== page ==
1.2 million KCPE candidates undertake rehearsals ahead of exams scheduled for next Monday

1.2 million KCPE candidates undertake rehearsals ahead of exams scheduled for next Monday

BY JOAN WANJIKU,NAIROBI,4TH MARCH,2022-The 2021 Kenya Certificate of Primary Education (KCPE) candidates are Friday undertaking rehearsals ahead of the exams which begin on Monday next week.

A total of 1,265,507 candidates are registered to sit for the exam that will end on Wednesday next week.

The Kenya National Examinations Council (KNEC) had indicated that the figure represents a 2.75% candidature increase, compared to 1,191,752 candidates who sat for the 2020 KCPE exam.

The exam will be administered in 28,316 examination centres across the country.

In the Kenya Certificate of Secondary Education (KCSE) examination, 831,015 candidates were registered to sit for the 2021 exam in 10,413 centres.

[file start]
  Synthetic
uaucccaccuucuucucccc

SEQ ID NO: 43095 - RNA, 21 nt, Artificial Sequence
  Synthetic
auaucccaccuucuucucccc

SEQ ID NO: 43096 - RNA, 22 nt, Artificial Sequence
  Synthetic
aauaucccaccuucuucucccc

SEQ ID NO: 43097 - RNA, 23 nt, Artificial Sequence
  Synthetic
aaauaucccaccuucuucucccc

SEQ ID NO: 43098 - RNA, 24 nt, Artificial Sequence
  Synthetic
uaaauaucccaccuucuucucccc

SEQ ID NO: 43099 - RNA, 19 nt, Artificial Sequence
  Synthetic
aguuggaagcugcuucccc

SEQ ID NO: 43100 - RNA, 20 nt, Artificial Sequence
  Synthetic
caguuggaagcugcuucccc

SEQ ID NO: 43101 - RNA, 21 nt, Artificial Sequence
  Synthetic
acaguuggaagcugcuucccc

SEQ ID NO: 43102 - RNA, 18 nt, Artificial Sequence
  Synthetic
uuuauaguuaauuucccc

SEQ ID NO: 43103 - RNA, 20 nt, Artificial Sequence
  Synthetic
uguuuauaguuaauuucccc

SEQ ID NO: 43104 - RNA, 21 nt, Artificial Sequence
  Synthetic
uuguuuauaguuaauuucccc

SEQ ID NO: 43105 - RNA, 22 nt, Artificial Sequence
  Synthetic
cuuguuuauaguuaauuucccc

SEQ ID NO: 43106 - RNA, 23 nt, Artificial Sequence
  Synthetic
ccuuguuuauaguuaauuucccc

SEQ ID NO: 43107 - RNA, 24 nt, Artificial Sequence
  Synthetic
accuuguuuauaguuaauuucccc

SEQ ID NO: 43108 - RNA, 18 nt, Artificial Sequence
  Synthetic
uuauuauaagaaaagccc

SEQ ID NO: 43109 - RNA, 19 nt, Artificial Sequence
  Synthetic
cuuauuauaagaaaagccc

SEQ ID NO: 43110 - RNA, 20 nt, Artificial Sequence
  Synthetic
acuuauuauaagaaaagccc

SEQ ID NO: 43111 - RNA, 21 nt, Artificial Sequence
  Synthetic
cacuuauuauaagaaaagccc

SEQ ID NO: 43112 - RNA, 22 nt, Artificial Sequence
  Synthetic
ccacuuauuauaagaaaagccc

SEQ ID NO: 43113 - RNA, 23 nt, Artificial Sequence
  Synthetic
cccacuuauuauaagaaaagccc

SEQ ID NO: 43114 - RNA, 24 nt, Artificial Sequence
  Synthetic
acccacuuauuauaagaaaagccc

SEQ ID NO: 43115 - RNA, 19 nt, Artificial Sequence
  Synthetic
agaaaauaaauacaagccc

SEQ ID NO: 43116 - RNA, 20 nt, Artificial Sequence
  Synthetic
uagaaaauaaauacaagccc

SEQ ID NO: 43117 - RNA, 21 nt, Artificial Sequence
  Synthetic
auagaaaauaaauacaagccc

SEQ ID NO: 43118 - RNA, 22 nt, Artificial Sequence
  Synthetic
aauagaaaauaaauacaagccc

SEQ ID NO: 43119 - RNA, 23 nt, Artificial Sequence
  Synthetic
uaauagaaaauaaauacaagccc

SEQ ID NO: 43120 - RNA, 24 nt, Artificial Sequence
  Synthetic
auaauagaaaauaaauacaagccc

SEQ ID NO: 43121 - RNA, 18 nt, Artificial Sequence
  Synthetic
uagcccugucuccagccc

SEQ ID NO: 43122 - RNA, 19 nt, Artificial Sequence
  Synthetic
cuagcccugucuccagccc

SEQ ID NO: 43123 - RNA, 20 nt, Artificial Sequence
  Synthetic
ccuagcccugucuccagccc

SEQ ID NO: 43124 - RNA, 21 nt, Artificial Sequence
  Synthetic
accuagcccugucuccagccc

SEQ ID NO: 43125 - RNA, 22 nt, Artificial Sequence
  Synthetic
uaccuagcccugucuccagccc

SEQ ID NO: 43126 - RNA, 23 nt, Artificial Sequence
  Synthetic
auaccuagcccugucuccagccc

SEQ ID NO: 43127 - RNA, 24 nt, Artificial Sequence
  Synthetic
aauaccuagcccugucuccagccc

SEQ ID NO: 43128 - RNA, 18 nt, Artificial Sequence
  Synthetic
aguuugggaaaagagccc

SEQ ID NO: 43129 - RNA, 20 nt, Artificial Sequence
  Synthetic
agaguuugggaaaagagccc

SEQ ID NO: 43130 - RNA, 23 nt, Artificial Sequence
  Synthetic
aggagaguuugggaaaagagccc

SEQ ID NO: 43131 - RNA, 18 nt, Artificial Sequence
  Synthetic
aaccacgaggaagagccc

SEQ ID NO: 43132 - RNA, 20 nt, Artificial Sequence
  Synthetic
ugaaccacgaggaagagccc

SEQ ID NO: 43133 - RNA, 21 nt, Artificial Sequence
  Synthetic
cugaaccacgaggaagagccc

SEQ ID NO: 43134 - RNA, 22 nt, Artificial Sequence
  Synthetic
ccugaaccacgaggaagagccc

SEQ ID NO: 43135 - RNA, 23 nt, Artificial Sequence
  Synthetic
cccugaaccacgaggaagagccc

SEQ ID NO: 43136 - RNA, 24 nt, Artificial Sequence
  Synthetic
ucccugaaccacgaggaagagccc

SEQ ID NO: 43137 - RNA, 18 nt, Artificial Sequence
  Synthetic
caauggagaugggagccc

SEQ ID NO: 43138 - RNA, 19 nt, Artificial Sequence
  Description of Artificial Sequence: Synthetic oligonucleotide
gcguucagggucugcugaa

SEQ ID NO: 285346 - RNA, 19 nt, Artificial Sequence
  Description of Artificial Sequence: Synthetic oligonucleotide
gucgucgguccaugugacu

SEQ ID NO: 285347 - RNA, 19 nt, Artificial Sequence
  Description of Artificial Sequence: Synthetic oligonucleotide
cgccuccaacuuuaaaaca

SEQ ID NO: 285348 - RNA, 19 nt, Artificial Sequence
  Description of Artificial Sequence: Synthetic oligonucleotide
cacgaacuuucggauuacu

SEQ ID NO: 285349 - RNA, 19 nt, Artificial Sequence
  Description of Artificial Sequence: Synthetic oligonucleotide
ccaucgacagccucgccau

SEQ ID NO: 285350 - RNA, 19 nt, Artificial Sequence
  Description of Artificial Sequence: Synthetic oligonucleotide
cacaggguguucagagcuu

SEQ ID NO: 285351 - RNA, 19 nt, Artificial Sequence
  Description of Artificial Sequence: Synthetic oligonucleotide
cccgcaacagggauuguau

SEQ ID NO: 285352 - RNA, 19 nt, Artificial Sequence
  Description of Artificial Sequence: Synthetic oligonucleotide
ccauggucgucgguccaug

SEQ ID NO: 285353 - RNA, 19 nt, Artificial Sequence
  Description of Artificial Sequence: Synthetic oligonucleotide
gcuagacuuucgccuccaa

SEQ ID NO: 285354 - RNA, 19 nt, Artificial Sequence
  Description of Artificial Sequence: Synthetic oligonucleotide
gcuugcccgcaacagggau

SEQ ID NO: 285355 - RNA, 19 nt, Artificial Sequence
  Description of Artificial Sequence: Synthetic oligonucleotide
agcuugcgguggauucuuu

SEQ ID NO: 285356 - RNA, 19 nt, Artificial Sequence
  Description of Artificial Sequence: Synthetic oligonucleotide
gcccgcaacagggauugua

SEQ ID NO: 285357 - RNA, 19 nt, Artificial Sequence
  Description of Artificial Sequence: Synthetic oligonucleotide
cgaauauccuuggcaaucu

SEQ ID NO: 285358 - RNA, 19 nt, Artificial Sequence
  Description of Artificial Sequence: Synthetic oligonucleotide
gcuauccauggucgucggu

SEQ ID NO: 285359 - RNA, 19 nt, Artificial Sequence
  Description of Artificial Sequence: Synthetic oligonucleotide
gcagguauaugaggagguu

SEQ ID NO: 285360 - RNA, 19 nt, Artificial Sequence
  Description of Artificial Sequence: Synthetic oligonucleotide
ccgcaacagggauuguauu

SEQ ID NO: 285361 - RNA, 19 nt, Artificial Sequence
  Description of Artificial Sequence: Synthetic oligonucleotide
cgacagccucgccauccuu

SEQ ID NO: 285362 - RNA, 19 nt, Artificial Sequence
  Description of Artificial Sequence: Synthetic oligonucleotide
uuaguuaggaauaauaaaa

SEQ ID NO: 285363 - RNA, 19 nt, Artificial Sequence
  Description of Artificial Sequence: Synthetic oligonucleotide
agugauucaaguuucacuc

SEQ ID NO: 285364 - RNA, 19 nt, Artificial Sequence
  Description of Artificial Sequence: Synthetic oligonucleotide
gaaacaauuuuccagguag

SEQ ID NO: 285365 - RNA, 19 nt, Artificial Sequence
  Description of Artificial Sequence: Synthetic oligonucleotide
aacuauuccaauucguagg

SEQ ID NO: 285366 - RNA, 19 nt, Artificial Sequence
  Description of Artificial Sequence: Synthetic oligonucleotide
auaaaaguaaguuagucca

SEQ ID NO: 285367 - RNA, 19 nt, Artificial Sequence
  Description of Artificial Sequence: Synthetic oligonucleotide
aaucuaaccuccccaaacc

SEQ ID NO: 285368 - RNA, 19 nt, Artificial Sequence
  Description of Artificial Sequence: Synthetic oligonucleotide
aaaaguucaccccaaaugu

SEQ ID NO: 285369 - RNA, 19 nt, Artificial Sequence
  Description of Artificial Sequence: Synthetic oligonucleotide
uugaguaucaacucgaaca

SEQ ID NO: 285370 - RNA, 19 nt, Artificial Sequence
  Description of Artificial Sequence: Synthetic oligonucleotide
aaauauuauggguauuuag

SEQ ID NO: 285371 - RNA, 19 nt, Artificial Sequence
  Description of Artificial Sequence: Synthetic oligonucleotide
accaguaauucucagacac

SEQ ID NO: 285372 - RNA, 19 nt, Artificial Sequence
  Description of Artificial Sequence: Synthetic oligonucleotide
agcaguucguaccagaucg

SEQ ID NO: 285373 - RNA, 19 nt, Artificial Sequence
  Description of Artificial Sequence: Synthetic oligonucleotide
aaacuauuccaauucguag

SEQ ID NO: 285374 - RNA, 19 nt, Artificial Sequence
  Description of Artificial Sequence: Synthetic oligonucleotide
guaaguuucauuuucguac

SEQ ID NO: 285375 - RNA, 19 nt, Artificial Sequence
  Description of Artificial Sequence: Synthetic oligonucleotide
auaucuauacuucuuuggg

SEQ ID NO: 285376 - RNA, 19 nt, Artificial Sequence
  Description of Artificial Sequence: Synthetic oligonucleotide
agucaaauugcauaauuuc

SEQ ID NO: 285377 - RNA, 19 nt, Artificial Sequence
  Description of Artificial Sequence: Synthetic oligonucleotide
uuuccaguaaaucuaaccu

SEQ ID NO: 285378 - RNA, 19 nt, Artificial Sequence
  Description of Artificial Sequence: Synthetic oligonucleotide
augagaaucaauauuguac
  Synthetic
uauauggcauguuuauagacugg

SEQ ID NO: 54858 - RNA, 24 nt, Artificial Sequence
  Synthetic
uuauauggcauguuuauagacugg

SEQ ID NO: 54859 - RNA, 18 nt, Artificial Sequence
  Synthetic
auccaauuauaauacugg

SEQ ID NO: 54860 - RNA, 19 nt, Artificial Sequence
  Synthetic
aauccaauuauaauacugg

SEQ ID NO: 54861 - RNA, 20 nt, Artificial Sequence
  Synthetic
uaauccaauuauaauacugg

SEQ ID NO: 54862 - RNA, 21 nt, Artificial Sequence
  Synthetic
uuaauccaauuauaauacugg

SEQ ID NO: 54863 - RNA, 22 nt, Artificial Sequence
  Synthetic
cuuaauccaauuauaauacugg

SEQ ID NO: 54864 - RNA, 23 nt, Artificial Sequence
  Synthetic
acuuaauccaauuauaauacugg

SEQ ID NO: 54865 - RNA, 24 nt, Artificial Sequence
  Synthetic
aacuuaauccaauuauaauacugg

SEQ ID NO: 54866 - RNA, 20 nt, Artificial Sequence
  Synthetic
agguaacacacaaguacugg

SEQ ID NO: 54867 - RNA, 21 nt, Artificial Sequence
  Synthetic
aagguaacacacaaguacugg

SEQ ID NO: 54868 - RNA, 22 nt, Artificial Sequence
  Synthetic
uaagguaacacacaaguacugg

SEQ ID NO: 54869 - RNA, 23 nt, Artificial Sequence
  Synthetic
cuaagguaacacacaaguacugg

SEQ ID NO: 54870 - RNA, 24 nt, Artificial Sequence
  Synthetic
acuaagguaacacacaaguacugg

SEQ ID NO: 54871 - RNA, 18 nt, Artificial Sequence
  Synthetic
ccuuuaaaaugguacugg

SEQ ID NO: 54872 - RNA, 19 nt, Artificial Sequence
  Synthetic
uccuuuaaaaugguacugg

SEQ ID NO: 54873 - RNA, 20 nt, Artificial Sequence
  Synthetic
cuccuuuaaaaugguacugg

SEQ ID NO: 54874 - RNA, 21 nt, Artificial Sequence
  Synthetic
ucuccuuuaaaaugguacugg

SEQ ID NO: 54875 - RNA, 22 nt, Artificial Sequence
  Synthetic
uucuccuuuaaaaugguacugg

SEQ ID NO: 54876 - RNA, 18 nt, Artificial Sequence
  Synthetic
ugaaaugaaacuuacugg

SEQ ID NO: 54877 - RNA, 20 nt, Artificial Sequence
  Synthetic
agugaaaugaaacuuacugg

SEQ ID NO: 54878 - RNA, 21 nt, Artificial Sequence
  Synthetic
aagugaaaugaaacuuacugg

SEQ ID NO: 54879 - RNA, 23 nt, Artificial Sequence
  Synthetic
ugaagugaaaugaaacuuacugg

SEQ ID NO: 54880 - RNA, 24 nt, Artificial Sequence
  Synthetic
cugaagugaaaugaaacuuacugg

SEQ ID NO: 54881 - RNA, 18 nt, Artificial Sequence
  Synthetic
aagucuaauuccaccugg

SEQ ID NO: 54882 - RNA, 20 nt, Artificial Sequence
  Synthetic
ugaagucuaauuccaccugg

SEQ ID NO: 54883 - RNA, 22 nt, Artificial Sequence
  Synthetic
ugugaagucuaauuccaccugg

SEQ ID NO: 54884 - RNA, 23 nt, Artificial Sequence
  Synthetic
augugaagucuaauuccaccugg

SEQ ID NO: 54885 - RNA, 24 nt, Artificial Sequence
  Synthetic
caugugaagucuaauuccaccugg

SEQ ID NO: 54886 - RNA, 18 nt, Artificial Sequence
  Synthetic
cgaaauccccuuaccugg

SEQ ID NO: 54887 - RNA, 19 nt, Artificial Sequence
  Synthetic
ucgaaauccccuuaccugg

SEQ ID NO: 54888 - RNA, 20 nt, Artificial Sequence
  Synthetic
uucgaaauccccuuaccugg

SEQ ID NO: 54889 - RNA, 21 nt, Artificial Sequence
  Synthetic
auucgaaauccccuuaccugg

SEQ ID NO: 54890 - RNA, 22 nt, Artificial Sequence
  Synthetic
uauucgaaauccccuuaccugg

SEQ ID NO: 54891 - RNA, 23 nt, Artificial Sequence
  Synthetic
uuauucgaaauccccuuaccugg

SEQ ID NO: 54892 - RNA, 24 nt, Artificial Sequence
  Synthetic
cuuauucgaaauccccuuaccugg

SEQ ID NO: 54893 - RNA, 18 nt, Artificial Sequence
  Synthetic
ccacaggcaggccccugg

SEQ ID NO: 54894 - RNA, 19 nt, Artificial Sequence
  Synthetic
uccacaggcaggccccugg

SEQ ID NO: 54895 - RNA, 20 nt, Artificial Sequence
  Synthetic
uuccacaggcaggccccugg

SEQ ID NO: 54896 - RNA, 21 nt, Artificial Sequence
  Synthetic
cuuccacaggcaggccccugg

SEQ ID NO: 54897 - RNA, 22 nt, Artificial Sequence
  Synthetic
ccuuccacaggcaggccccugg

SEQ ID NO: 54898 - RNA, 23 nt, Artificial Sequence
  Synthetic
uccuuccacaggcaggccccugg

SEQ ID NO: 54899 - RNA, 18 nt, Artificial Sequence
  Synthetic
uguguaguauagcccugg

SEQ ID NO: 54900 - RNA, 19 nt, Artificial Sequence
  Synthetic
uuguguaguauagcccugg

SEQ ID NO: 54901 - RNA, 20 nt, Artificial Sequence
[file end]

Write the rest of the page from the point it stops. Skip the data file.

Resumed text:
This is a candidature increase of 78,034 representing 9.39%.

KCSE commenced on 28th February, 2022 with practical papers, as the rest of the exam are to start, today, Friday 4th to April 1st.

242,406 teachers have been vetted to serve as invigilators, supervisors, centre managers and examiners during the national exams period.

 

On Thursday, Education Cabinet Secretary Prof. George Magoha cautioned candidates writing the upcoming KCPE and KCSE examinations against cheating in the exams.

Prof. Magoha said KNEC  responsible for overseeing national examinations would ensure that the sanctity of the public exams was maintained.

The Education minister stated that success in life was all about honesty and hard work and urged parents, candidates and exam managers to eschew all forms of exam malpractices.

He reiterated that all cases of exam malpractices and irregularities would be swiftly investigated and decisively dealt with.

Before Covid-19, Kenya had good structured system of education which ran from January to December for both primary and secondary.

School calendar had to change when the pandemic surfaced in the country, where learning institutes were forced to close for long break that led to change in the academic calendar.

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